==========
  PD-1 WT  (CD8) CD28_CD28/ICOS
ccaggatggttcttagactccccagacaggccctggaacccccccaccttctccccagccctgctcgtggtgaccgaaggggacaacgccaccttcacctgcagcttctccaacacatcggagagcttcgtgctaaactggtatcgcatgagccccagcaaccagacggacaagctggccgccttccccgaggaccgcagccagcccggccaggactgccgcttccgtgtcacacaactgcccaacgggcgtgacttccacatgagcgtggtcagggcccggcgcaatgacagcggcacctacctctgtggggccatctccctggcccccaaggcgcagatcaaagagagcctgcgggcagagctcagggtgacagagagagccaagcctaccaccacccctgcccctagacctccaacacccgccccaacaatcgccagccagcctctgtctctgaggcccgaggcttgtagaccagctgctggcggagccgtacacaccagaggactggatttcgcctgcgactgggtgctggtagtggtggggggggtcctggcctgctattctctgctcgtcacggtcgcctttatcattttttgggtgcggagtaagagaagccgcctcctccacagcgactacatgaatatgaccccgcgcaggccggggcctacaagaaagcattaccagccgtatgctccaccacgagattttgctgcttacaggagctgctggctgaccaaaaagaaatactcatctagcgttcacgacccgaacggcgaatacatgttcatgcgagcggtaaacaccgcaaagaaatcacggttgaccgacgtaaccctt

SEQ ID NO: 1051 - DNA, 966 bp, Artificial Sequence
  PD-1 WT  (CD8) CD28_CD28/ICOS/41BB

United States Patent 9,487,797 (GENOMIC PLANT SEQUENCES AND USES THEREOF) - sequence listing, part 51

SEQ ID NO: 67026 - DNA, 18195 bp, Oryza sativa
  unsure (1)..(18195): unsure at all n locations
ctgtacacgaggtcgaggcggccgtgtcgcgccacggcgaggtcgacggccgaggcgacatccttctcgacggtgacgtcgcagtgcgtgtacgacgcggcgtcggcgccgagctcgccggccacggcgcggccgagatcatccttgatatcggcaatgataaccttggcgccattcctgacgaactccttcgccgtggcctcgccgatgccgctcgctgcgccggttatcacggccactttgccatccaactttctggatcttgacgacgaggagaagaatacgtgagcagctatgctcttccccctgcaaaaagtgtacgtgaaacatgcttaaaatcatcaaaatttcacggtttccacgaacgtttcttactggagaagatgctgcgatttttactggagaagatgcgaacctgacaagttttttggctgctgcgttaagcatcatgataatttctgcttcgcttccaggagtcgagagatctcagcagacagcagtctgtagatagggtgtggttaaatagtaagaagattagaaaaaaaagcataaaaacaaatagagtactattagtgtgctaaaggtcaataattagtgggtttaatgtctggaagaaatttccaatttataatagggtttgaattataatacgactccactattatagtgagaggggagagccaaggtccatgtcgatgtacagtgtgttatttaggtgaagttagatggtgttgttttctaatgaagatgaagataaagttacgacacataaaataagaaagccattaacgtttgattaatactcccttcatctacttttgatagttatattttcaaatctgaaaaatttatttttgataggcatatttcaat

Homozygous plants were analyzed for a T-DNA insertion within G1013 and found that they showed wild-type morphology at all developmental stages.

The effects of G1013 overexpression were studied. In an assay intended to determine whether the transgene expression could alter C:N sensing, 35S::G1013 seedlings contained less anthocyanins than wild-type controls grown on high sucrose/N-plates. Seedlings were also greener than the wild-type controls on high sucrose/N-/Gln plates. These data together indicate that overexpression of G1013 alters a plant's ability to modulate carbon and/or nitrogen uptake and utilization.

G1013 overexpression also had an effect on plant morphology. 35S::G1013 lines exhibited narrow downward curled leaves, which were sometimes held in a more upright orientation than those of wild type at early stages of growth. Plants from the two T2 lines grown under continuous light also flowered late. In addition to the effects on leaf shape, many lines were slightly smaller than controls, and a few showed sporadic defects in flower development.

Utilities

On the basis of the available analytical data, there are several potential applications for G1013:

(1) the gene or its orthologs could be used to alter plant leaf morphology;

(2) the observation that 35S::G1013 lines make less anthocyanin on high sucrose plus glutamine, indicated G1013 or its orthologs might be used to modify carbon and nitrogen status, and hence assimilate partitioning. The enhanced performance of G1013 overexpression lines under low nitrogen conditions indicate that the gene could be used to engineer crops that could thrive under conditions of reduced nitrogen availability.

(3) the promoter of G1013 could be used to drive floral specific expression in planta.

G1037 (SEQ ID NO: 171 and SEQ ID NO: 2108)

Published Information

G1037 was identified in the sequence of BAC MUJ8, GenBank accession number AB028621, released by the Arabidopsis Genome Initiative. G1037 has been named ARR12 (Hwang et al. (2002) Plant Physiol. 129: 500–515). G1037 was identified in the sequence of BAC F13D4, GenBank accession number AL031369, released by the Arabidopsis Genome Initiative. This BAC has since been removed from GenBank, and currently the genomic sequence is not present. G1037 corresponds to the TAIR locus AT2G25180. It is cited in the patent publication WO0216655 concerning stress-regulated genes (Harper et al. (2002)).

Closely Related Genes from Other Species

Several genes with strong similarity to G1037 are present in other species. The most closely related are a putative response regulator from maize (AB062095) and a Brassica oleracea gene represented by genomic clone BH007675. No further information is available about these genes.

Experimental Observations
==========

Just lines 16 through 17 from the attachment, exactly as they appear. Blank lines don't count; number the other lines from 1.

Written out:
(3) the promoter of G1013 could be used to drive floral specific expression in planta.

G1037 (SEQ ID NO: 171 and SEQ ID NO: 2108)